Monday, August 11, 2008

Nighty, Night

From the "Looking Back" Series...

My husband stood at my right side telling me quietly that I could do it. My doctor was scanning Jelly Bean (a.k.a. "Little B" in the womb) and announced that the baby was transverse which meant that the baby was breach laying sideways. There was a nurse to my left and another at my feet both talking me through the pushing. With every contraction, I held my breath and pushed down as hard as I could. Peanut (a.k.a. "Little A" in the womb) was right there, but wasn't coming down even after all the work that I was doing. It was the most frustrating process that I have ever had to endure. I was working my tail off and nothing was happening.

About 40 minutes into pushing, the doctor announced we were going into the OR (operating room) where I could continue pushing and if needed they would perform a C-Section. I know they were very concerned about Jelly Bean because she wasn't even attempting to move into position. Looking back, it is so her personality. She was comfortable, knew it wasn't time, so why bother? She was living the good life in the upstairs penthouse while her sister was smashed face first in the basement.

They wheeled me into the OR while another nurse took Andy to change into scrubs. It was all so crazy and I was in so much pain that at one point, I told the nurse that I was done. I had completely lost control of my ability to stay calm and get through the painful contractions. I had prepared myself for such a long time and I really had wanted to have a natural, epidural-free delivery. I think that my failure to compose myself came from four major hiccups in my well thought out plan: 1) I never got to truly labor for a long period of time - it was like going from 0 to 60 in 5 seconds. 2) With Jelly Bean breach, I was concerned that I would end up having one natural and the other Cesarean. No one should have TWO owies. 3) When I was told there wasn't even an option for an epidural, I panicked. I was trying not to have one, but I wanted the OPTION. 4) I have learned that it is kind of ridiculous to set expectations because deliveries usually never go how anyone plans them anyway.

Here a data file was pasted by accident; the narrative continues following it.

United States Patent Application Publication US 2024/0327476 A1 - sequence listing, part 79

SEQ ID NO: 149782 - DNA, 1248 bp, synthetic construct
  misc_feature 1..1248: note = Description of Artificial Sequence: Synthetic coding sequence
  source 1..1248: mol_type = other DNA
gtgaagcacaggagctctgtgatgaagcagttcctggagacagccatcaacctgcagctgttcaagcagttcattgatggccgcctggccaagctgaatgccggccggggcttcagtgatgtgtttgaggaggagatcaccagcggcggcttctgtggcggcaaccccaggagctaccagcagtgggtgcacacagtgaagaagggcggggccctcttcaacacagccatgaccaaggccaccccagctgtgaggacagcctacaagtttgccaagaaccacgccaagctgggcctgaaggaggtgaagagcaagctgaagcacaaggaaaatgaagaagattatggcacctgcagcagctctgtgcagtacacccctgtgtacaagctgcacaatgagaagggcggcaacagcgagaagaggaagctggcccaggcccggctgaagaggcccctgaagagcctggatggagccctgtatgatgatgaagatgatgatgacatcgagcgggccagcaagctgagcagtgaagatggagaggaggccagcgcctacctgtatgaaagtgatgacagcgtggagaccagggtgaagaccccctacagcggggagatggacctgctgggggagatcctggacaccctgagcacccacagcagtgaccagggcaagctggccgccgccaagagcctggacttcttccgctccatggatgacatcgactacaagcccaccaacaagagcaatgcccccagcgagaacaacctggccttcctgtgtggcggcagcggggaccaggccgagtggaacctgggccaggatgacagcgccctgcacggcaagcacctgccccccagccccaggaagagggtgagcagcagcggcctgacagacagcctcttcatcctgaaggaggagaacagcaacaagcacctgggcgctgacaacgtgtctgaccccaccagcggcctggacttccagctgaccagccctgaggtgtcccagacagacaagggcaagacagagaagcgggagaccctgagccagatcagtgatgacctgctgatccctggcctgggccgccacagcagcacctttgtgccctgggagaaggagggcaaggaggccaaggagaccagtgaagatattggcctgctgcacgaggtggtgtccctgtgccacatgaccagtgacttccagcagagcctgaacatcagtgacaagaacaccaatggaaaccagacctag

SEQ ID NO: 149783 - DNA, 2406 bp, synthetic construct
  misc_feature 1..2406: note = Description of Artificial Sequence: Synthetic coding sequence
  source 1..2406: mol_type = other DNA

I pushed for a little bit more while the staff prepared the room. My husband was still not in the room and even though there were probably 5-10 people in there, I felt incredibly alone with the exception of one sweet young nurse telling me that I could do it. But as time went on, my Peanut just wasn't coming down the birth canal and Jelly Bean was unchanged, so the decision was made to perform a C-Section.

Behind me stood an anesthesiologist who was looking over me. He became my new favorite person. Since I was not able to have an epidural, it was required that I was given general anesthesia meaning that I would be asleep during the procedure. This also meant that my husband was not allowed to be in the room. The nurses were good about telling him what was going on, so he was aware of everything.

Pain and chaos continued until the kind anesthesiologist got my attention and said, "Honey, you are going to sleep now. Nighty night." And instantly I was out.

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